November 23, 1994
By Yolanda Reynolds
Photos by Mary J. Andrade
Last Friday, a statue of the ancient feathered serpent deity, Quetzacoatl, by the Los Angeles sculpture Robert Graham was unveiled in San Jose amid protest.
Graham refused to answer any questions regarding the sculpture. It was originally to have been done in bronze a medium in which he usually works. The sculpture appears to be made of some sort of composition cement.
This piece of public art is one of six other pieces to be installed around, town. The process for their installation has been slow and exactly how the art themes will be carried out has been controversial.
It was over four years ago that a sculpture of an early day mayor intended to hold a prominent place in downtown San Jose, caused a furor among many San Joseans. Some because‚ “he was a creep.” But others, in the Mexican/Latino community voiced strong objections to the celebration of the defeat of Mexico for the control of San Jose and the rest of California by the North America ad still others objected to the process for selection and the cost over $500,000.
The City, after months of meetings of a special “Historic Arts Advisory Committee,” announced that the controversial Fallon statue would be placed in Pellier Park, a less prominent location but before that sculpture would arrive in San Jose, three other sculptures had to be completed. One would honor the Ohlone people, the original residents of what is now known as San Jose. Another the “pobladores,” the settlers of modern day San Jose who came from what is now known as Northern Mexico, people and families of European, indigenous, and African heritage.
There is to be another sculpture honoring and recognizing this city’s agricultural past and a third sculpture honoring Dr. Ernesto Galarza, a scholar/teacher, who gained national and international recognition for his pioneering research and writings about agricultural workers in California and the Valley.
Friday city officials announced that there would also be a sculpture memorializing the Japanese American internment during World War II and another of six ice skaters.”
The Fallon statue currently remains in storage at an undisclosed location in Oakland.
At the time of the Fallon controversy it was agreed that the Plaza Park area was the heart of the city and as such should be jealously protected from “controversial art.”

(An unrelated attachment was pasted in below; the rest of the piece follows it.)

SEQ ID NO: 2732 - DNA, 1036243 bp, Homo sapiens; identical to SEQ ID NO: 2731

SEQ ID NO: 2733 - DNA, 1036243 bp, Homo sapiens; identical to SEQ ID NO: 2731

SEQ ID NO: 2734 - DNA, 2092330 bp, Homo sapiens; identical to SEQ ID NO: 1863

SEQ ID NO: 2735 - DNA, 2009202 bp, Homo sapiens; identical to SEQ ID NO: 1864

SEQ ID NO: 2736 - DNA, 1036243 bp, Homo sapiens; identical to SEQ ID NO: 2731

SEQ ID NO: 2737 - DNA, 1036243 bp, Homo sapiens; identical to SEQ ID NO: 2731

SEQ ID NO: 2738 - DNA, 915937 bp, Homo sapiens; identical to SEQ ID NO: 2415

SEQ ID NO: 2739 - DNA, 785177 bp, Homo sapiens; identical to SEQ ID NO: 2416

Quetzacoatl, for many, is not controversial. However, some say that he is a god and therefore that such a statue paid for with public money and placed in a public park, is a violation of the separation of Church and State. A suit was filed but after viewing the statue, the judge did not agree with this claim. These protestors held a three-day twenty-four-hour vigil at the side of the statue.
Quetzalcoatl, has for centuries, been an important part of the consciousness of peoples throughout Mexico, Central America and even in parts of South America.
According to the Mexican anthropologist, Roman Piña Chan, to date, the first known manifestations of Quetzalcoatl appear during the Olmec period. This serpent-jaguar represented the life-giving source of water for their agricultural pursuits by which plants and foods could be produced.
Piña Chan says that the confusion over Quetzalcoatl’s identity comes from a variety of origins. First as a fertility symbol jaguar-serpent to a heavenly image that became the bird-serpent that brought the clouds and rain. In time, Piña Chan explains, Quetzalcoatl became characterized as a combination of man, bird, and serpent. This Quetzalcoatl led those Mesoamerican groups from an early agricultural society to what is known as the world of Fifth Sun (“Quinto Sol”), by which important advances were made in astronomy, including the development of the annual calendar, the arts, the sciences as well as the emergence of a monotheistic religion that culminated in Mexico of the emergence of a “new era.” Many of the discoveries of these peoples rivaled those made in Europe and other parts of the world and, in some instances, were more advanced.